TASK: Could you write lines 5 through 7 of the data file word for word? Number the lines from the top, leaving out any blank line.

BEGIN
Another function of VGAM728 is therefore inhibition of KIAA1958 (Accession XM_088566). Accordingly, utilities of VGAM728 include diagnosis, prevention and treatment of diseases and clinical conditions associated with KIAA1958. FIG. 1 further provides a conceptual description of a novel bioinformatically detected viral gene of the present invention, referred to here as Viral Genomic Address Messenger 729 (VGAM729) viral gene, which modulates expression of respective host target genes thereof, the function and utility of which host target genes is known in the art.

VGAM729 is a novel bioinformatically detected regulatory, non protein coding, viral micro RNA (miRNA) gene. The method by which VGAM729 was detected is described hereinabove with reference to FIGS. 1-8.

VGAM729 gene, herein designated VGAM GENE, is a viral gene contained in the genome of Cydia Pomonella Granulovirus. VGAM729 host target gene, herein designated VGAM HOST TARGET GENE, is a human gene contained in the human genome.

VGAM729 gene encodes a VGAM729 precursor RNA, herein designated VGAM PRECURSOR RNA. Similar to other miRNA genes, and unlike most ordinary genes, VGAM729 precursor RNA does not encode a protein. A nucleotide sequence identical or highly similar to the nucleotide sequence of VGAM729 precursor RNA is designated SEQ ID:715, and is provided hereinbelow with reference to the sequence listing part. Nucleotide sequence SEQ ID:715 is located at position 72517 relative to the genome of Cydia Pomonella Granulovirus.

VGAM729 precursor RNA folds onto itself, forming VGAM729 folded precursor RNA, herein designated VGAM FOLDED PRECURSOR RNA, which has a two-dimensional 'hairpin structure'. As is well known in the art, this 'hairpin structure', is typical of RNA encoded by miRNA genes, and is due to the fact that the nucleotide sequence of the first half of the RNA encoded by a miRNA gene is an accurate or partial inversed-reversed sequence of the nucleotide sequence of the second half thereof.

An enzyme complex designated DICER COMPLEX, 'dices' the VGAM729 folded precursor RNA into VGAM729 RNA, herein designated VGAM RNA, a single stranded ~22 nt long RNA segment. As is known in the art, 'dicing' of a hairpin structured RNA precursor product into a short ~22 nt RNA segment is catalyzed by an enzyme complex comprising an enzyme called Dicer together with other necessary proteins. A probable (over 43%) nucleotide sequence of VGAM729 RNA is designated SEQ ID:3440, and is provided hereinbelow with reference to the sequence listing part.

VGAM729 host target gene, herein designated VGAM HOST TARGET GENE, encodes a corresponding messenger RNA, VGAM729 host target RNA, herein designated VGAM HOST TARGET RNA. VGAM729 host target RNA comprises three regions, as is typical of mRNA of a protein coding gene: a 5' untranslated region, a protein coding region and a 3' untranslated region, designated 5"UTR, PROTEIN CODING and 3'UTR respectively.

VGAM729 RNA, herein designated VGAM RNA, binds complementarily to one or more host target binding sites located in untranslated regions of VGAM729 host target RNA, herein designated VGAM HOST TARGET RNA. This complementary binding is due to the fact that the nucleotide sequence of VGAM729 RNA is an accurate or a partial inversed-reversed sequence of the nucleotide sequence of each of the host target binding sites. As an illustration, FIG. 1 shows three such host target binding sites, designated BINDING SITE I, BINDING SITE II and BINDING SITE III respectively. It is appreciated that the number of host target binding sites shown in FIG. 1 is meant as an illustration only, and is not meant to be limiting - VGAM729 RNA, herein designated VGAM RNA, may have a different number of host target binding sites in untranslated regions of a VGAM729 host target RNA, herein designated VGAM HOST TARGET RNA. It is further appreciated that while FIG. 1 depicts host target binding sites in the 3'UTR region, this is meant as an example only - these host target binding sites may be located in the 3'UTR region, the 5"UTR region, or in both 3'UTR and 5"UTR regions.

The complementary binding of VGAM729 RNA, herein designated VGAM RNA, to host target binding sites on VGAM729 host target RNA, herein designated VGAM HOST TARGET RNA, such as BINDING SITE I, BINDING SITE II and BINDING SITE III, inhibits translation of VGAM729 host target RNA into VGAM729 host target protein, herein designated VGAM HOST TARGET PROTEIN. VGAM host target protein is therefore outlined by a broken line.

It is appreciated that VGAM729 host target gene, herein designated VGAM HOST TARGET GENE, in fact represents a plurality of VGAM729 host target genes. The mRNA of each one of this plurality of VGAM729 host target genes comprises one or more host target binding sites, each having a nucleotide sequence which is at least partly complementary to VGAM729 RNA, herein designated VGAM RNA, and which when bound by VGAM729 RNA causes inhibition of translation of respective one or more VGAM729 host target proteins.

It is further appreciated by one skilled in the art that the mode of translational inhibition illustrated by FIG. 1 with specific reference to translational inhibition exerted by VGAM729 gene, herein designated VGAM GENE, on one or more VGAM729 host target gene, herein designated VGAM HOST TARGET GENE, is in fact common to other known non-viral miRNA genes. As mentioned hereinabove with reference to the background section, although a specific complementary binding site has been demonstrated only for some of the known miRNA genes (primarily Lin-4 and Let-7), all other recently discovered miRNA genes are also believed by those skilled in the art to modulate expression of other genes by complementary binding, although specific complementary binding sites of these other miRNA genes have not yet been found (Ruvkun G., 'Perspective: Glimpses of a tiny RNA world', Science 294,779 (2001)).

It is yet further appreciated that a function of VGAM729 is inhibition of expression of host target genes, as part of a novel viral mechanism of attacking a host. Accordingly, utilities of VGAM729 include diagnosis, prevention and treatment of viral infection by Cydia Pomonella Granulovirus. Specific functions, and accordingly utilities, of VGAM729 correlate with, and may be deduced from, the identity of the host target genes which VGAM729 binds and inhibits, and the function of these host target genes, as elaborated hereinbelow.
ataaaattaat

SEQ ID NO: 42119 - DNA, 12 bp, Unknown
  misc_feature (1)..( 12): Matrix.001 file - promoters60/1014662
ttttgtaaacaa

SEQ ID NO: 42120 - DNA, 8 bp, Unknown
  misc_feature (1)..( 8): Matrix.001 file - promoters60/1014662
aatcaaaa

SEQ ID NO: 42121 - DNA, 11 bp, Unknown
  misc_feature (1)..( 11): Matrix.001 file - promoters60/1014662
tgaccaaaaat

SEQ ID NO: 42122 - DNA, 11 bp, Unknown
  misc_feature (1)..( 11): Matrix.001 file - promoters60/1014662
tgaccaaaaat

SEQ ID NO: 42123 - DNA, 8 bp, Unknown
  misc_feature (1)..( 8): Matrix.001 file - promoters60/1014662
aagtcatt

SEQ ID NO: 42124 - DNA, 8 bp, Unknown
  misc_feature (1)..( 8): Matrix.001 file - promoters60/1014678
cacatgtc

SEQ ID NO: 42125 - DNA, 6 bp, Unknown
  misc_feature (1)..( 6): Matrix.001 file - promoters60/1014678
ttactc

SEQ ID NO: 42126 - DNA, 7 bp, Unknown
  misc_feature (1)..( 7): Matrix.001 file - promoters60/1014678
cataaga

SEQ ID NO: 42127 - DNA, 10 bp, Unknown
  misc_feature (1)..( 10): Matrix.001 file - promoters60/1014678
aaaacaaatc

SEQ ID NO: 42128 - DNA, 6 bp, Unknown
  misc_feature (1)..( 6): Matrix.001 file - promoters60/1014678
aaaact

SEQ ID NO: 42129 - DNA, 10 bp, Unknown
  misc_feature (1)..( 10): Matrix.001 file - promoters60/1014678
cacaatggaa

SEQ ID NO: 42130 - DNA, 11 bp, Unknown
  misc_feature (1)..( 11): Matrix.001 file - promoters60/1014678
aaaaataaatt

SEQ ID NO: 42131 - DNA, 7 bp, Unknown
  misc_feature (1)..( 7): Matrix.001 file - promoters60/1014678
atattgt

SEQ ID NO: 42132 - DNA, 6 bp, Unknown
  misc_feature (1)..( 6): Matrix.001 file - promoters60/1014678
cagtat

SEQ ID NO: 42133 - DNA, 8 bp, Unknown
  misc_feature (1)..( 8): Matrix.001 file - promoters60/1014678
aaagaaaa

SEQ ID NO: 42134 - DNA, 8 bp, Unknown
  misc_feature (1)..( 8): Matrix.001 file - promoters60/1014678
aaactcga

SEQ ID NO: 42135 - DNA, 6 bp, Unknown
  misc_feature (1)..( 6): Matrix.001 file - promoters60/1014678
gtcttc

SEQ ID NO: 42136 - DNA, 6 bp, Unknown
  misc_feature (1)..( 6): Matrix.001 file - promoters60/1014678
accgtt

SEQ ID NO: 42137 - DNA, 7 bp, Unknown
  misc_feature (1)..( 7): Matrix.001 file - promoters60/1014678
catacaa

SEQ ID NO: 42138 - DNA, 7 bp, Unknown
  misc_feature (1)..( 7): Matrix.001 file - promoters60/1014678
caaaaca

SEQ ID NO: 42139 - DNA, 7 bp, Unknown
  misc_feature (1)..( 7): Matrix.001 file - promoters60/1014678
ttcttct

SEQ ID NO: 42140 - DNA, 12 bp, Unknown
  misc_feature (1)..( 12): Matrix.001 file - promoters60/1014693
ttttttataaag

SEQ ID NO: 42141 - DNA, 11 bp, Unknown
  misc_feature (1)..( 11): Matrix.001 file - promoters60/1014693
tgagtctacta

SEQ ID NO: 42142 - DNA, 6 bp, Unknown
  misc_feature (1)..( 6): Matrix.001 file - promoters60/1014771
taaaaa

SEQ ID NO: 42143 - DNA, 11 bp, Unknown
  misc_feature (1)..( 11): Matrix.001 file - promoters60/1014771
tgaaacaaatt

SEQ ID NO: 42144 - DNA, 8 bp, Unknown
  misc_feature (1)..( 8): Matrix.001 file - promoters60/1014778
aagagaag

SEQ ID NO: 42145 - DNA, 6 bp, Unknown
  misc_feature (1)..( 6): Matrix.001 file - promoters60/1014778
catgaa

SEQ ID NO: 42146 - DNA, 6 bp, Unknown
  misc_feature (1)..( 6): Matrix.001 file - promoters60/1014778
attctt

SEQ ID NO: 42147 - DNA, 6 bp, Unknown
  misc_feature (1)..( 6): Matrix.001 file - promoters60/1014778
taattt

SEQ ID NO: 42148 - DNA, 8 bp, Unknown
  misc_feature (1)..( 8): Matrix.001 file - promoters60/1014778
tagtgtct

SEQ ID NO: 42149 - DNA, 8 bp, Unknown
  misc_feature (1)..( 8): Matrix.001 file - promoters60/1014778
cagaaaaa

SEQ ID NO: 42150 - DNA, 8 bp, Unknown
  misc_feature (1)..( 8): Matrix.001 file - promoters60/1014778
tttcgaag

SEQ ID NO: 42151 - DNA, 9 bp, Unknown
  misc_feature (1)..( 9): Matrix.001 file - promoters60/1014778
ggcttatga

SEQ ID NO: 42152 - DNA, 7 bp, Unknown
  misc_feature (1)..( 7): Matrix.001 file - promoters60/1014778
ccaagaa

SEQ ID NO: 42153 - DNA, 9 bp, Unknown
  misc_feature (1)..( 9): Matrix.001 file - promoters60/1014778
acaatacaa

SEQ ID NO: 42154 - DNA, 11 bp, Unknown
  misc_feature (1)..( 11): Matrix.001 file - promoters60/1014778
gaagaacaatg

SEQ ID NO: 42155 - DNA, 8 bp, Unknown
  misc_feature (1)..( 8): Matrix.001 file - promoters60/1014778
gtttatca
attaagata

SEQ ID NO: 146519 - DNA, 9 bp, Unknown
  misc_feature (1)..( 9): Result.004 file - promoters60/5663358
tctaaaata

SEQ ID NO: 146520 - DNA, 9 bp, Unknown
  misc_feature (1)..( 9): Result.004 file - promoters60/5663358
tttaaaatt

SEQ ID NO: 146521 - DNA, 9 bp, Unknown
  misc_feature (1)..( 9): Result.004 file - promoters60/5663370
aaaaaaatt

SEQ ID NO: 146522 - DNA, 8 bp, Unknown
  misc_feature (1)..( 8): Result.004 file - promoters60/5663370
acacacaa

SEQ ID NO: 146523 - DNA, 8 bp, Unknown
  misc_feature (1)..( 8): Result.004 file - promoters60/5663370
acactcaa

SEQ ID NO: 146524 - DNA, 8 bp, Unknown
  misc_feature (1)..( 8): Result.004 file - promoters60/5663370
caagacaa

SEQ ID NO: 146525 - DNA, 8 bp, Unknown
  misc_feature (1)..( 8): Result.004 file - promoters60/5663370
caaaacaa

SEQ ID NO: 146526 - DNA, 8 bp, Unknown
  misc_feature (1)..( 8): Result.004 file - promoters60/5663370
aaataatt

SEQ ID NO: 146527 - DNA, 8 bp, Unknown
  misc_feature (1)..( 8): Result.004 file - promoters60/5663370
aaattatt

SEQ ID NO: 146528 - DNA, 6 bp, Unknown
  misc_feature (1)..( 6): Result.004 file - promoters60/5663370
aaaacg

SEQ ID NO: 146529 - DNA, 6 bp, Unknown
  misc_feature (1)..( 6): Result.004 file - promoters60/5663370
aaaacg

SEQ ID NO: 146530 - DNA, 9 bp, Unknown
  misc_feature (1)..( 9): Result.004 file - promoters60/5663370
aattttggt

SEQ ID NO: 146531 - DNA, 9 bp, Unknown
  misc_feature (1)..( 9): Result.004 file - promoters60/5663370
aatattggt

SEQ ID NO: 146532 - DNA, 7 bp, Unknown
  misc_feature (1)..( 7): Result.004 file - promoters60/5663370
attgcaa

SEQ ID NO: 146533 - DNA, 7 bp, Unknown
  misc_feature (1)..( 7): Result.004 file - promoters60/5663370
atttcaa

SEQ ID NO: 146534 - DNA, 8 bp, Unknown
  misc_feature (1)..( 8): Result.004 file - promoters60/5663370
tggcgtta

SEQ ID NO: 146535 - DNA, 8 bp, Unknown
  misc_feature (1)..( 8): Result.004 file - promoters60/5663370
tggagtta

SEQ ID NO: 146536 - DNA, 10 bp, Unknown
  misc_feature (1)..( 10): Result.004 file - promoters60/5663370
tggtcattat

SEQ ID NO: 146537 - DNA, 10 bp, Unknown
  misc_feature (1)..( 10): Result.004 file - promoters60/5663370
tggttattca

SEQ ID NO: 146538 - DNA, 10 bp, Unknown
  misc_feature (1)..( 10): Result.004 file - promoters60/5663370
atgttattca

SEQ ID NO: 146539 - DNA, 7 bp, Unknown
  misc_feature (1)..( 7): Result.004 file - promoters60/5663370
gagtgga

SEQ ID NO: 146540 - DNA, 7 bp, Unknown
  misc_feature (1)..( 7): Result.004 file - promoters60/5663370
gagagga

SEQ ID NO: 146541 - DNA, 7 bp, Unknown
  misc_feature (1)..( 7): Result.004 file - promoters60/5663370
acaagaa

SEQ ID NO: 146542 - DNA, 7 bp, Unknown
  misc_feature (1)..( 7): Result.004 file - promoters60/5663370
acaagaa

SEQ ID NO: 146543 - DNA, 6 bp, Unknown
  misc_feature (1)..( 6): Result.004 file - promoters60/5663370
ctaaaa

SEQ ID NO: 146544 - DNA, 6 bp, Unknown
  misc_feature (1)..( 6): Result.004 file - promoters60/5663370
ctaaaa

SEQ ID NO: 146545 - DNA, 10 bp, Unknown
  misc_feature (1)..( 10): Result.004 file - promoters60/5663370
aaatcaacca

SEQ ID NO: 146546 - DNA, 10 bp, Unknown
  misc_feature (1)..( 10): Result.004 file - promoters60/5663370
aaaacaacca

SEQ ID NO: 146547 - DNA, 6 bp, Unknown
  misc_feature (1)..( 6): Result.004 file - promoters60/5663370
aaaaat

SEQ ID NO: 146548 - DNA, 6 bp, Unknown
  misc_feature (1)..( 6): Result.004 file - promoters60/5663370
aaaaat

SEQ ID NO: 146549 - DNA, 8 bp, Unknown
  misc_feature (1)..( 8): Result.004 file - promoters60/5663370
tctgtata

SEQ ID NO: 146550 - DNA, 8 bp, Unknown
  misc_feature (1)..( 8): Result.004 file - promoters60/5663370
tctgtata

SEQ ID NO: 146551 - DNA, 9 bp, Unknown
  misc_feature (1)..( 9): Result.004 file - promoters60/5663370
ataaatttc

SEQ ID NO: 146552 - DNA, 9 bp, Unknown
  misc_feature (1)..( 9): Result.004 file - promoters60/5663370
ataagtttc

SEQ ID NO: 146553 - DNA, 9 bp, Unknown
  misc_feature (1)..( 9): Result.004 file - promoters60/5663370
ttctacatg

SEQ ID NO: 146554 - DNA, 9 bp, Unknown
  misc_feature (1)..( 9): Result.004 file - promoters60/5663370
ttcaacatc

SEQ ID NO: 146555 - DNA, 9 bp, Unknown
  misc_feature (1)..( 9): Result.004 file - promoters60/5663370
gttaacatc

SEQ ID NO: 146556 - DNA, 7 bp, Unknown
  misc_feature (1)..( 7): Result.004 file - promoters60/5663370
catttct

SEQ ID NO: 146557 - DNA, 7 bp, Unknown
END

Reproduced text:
VGAM729 precursor RNA folds onto itself, forming VGAM729 folded precursor RNA, herein designated VGAM FOLDED PRECURSOR RNA, which has a two-dimensional 'hairpin structure'. As is well known in the art, this 'hairpin structure', is typical of RNA encoded by miRNA genes, and is due to the fact that the nucleotide sequence of the first half of the RNA encoded by a miRNA gene is an accurate or partial inversed-reversed sequence of the nucleotide sequence of the second half thereof.

An enzyme complex designated DICER COMPLEX, 'dices' the VGAM729 folded precursor RNA into VGAM729 RNA, herein designated VGAM RNA, a single stranded ~22 nt long RNA segment. As is known in the art, 'dicing' of a hairpin structured RNA precursor product into a short ~22 nt RNA segment is catalyzed by an enzyme complex comprising an enzyme called Dicer together with other necessary proteins. A probable (over 43%) nucleotide sequence of VGAM729 RNA is designated SEQ ID:3440, and is provided hereinbelow with reference to the sequence listing part.

VGAM729 host target gene, herein designated VGAM HOST TARGET GENE, encodes a corresponding messenger RNA, VGAM729 host target RNA, herein designated VGAM HOST TARGET RNA. VGAM729 host target RNA comprises three regions, as is typical of mRNA of a protein coding gene: a 5' untranslated region, a protein coding region and a 3' untranslated region, designated 5"UTR, PROTEIN CODING and 3'UTR respectively.